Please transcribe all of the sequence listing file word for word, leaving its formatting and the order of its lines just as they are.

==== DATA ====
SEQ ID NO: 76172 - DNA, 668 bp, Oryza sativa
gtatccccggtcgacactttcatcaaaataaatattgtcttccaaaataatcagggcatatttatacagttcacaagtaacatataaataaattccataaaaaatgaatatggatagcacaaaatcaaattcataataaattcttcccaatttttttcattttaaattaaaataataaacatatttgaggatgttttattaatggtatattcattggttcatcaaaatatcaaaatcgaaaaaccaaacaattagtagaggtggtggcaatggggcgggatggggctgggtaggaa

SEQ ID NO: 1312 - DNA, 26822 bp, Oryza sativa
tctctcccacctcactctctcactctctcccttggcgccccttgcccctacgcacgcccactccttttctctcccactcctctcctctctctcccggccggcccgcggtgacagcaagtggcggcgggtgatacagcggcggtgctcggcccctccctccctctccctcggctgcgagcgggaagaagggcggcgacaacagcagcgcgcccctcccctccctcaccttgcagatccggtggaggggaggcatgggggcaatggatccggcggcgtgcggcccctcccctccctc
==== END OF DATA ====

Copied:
SEQ ID NO: 76172 - DNA, 668 bp, Oryza sativa
gtatccccggtcgacactttcatcaaaataaatattgtcttccaaaataatcagggcatatttatacagttcacaagtaacatataaataaattccataaaaaatgaatatggatagcacaaaatcaaattcataataaattcttcccaatttttttcattttaaattaaaataataaacatatttgaggatgttttattaatggtatattcattggttcatcaaaatatcaaaatcgaaaaaccaaacaattagtagaggtggtggcaatggggcgggatggggctgggtaggaa

SEQ ID NO: 1312 - DNA, 26822 bp, Oryza sativa
tctctcccacctcactctctcactctctcccttggcgccccttgcccctacgcacgcccactccttttctctcccactcctctcctctctctcccggccggcccgcggtgacagcaagtggcggcgggtgatacagcggcggtgctcggcccctccctccctctccctcggctgcgagcgggaagaagggcggcgacaacagcagcgcgcccctcccctccctcaccttgcagatccggtggaggggaggcatgggggcaatggatccggcggcgtgcggcccctcccctccctc